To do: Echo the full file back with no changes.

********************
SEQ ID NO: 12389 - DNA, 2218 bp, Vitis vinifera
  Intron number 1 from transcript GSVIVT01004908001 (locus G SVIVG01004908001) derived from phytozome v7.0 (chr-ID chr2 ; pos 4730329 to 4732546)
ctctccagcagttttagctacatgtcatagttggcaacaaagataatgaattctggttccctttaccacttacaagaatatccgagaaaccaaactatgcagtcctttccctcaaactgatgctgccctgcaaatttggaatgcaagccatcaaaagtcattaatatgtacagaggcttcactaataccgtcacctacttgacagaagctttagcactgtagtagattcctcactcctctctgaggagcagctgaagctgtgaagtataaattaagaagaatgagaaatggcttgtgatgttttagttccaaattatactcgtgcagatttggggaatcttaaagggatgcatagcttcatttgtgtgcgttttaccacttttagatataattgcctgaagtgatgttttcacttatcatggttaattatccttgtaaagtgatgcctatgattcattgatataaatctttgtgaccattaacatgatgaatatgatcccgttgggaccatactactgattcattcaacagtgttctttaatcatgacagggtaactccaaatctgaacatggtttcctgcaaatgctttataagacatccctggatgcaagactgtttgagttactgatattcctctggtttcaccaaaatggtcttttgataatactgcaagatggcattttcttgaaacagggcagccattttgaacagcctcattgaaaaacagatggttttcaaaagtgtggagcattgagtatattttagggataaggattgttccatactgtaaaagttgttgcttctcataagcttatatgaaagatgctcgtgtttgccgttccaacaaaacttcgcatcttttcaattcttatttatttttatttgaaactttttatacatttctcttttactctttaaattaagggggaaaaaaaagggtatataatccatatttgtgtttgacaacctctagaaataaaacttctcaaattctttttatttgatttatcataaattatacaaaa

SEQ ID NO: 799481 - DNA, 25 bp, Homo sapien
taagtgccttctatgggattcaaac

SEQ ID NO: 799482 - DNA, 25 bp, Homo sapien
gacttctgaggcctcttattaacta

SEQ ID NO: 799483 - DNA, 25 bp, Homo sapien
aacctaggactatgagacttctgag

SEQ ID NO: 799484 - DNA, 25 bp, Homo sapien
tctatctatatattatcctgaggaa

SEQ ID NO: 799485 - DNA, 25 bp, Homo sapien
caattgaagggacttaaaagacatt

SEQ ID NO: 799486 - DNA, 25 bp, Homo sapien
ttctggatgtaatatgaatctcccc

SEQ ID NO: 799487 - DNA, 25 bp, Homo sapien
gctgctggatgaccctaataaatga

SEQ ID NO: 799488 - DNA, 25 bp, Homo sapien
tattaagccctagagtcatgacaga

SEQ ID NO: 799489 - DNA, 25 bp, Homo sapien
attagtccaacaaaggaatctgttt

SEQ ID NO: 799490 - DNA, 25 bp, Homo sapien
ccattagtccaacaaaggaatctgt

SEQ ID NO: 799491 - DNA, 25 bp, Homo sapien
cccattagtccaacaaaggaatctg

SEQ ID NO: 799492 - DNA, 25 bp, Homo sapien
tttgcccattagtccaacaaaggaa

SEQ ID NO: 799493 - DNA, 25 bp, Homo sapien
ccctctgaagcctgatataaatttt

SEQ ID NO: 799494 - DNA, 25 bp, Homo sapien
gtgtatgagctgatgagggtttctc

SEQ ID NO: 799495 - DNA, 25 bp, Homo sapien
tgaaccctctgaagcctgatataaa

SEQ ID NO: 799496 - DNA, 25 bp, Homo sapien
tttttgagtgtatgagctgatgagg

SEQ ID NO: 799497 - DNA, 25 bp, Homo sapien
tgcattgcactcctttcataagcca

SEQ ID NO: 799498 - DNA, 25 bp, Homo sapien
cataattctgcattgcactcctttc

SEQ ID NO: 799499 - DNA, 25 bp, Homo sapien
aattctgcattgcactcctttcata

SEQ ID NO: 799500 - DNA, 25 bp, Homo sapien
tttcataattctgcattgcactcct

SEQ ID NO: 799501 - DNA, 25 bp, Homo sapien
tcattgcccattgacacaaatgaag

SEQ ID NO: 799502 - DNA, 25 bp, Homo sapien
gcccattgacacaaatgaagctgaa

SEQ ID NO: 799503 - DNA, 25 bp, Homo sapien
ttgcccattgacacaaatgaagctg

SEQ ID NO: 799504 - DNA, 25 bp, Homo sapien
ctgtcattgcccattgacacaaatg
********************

SEQ ID NO: 12389 - DNA, 2218 bp, Vitis vinifera
  Intron number 1 from transcript GSVIVT01004908001 (locus G SVIVG01004908001) derived from phytozome v7.0 (chr-ID chr2 ; pos 4730329 to 4732546)
ctctccagcagttttagctacatgtcatagttggcaacaaagataatgaattctggttccctttaccacttacaagaatatccgagaaaccaaactatgcagtcctttccctcaaactgatgctgccctgcaaatttggaatgcaagccatcaaaagtcattaatatgtacagaggcttcactaataccgtcacctacttgacagaagctttagcactgtagtagattcctcactcctctctgaggagcagctgaagctgtgaagtataaattaagaagaatgagaaatggcttgtgatgttttagttccaaattatactcgtgcagatttggggaatcttaaagggatgcatagcttcatttgtgtgcgttttaccacttttagatataattgcctgaagtgatgttttcacttatcatggttaattatccttgtaaagtgatgcctatgattcattgatataaatctttgtgaccattaacatgatgaatatgatcccgttgggaccatactactgattcattcaacagtgttctttaatcatgacagggtaactccaaatctgaacatggtttcctgcaaatgctttataagacatccctggatgcaagactgtttgagttactgatattcctctggtttcaccaaaatggtcttttgataatactgcaagatggcattttcttgaaacagggcagccattttgaacagcctcattgaaaaacagatggttttcaaaagtgtggagcattgagtatattttagggataaggattgttccatactgtaaaagttgttgcttctcataagcttatatgaaagatgctcgtgtttgccgttccaacaaaacttcgcatcttttcaattcttatttatttttatttgaaactttttatacatttctcttttactctttaaattaagggggaaaaaaaagggtatataatccatatttgtgtttgacaacctctagaaataaaacttctcaaattctttttatttgatttatcataaattatacaaaa

SEQ ID NO: 799481 - DNA, 25 bp, Homo sapien
taagtgccttctatgggattcaaac

SEQ ID NO: 799482 - DNA, 25 bp, Homo sapien
gacttctgaggcctcttattaacta

SEQ ID NO: 799483 - DNA, 25 bp, Homo sapien
aacctaggactatgagacttctgag

SEQ ID NO: 799484 - DNA, 25 bp, Homo sapien
tctatctatatattatcctgaggaa

SEQ ID NO: 799485 - DNA, 25 bp, Homo sapien
caattgaagggacttaaaagacatt

SEQ ID NO: 799486 - DNA, 25 bp, Homo sapien
ttctggatgtaatatgaatctcccc

SEQ ID NO: 799487 - DNA, 25 bp, Homo sapien
gctgctggatgaccctaataaatga

SEQ ID NO: 799488 - DNA, 25 bp, Homo sapien
tattaagccctagagtcatgacaga

SEQ ID NO: 799489 - DNA, 25 bp, Homo sapien
attagtccaacaaaggaatctgttt

SEQ ID NO: 799490 - DNA, 25 bp, Homo sapien
ccattagtccaacaaaggaatctgt

SEQ ID NO: 799491 - DNA, 25 bp, Homo sapien
cccattagtccaacaaaggaatctg

SEQ ID NO: 799492 - DNA, 25 bp, Homo sapien
tttgcccattagtccaacaaaggaa

SEQ ID NO: 799493 - DNA, 25 bp, Homo sapien
ccctctgaagcctgatataaatttt

SEQ ID NO: 799494 - DNA, 25 bp, Homo sapien
gtgtatgagctgatgagggtttctc

SEQ ID NO: 799495 - DNA, 25 bp, Homo sapien
tgaaccctctgaagcctgatataaa

SEQ ID NO: 799496 - DNA, 25 bp, Homo sapien
tttttgagtgtatgagctgatgagg

SEQ ID NO: 799497 - DNA, 25 bp, Homo sapien
tgcattgcactcctttcataagcca

SEQ ID NO: 799498 - DNA, 25 bp, Homo sapien
cataattctgcattgcactcctttc

SEQ ID NO: 799499 - DNA, 25 bp, Homo sapien
aattctgcattgcactcctttcata

SEQ ID NO: 799500 - DNA, 25 bp, Homo sapien
tttcataattctgcattgcactcct

SEQ ID NO: 799501 - DNA, 25 bp, Homo sapien
tcattgcccattgacacaaatgaag

SEQ ID NO: 799502 - DNA, 25 bp, Homo sapien
gcccattgacacaaatgaagctgaa

SEQ ID NO: 799503 - DNA, 25 bp, Homo sapien
ttgcccattgacacaaatgaagctg

SEQ ID NO: 799504 - DNA, 25 bp, Homo sapien
ctgtcattgcccattgacacaaatg